Quickly bored with life in Eden-Olympia ("the kind of adolescent society where you define yourself by the kind of trainers you wear"), Paul decides to investigate the events that led to Greenwood's death, and begins walking in his footsteps. He soon discovers that just beneath the calm, well-mannered surface of his new home lies an underworld of crime, deviant sex, and drugs that seems to be prospering and growing. And all the residents at Eden-Olympia seem not only to be aware of this, but to encourage and welcome this underworld, as it provides them with a means to relate to something other than their jobs, and — by entering that world — to let go of the social restraints and etiquette that define their lives.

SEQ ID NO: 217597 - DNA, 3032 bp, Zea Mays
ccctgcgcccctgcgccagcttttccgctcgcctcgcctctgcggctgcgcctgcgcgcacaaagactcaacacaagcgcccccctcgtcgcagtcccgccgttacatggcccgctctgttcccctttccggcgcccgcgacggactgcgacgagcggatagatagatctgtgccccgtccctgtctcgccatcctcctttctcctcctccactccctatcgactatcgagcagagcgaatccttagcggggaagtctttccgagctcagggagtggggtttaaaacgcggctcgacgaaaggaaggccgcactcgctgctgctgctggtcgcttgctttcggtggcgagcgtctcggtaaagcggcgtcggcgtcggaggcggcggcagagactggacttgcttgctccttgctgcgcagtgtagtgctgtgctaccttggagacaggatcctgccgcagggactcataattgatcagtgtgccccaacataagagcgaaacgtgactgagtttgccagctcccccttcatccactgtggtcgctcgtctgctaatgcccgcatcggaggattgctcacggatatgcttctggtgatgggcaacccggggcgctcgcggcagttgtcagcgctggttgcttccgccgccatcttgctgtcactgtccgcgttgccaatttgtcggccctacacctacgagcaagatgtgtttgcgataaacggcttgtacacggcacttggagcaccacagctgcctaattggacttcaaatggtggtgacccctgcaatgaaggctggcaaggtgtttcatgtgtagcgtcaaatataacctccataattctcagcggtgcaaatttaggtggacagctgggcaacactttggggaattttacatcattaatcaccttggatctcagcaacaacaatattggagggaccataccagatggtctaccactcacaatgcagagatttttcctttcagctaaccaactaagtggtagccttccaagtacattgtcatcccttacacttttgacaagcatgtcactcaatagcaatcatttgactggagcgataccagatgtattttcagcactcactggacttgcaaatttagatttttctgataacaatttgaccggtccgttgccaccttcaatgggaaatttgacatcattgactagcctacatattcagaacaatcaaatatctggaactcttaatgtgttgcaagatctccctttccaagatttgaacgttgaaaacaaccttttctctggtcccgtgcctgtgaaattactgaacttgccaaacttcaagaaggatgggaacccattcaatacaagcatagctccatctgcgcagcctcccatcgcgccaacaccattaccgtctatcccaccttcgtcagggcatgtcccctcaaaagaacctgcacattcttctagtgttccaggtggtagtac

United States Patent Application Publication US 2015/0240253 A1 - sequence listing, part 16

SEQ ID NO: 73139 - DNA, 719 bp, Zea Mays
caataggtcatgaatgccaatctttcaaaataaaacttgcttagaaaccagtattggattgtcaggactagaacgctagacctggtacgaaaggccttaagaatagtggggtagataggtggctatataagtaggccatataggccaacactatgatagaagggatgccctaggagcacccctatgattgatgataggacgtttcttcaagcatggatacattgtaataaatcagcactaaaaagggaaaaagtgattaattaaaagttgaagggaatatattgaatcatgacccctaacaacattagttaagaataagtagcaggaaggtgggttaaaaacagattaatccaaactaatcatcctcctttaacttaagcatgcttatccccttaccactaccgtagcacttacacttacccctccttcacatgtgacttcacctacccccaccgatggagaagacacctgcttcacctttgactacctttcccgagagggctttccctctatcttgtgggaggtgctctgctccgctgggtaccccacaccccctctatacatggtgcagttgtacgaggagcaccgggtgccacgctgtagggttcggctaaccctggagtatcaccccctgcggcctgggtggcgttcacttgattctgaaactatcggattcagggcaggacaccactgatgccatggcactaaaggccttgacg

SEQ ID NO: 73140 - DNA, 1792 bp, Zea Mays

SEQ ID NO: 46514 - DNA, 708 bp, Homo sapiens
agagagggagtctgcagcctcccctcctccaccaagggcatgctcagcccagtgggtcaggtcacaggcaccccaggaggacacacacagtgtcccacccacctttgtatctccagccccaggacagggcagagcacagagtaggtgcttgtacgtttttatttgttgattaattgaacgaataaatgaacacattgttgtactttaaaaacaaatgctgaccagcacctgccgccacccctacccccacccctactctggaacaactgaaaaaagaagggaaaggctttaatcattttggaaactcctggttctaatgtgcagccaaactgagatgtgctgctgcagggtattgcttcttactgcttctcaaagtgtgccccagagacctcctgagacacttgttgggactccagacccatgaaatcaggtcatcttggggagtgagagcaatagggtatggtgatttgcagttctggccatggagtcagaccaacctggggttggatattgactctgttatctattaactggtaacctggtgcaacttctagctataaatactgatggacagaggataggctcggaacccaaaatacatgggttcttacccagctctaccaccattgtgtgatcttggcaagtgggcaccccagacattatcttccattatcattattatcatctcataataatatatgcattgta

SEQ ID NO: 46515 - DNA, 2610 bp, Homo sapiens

Paul discovers that Eden-Olympia's resident psychiatrist, Wilder Penrose, is eagerly encouraging his patients (and there are many of them) to indulge themselves in activities involving sex and violence, as a (successful) cure for their symptoms of stress. Says Penrose: "Psychopathy is its own most potent cure, and always has been. At times, it grasps entire nations in its grip and sends them through vast therapeutic spasms. No drug in the world is that powerful."
Books: That Sublime Riviera Touch ; Super-Cannes by J G Ballard Flamingo, Pounds 16.99, 392pp; Nicholas Royle Visits a Coast of Dreams with the Century's First Essential Novel
Sep 02, 2000; STEPPING FORWARD to accept the outstretched hand of the new century, JG Ballard must have experienced the sensation of meeting...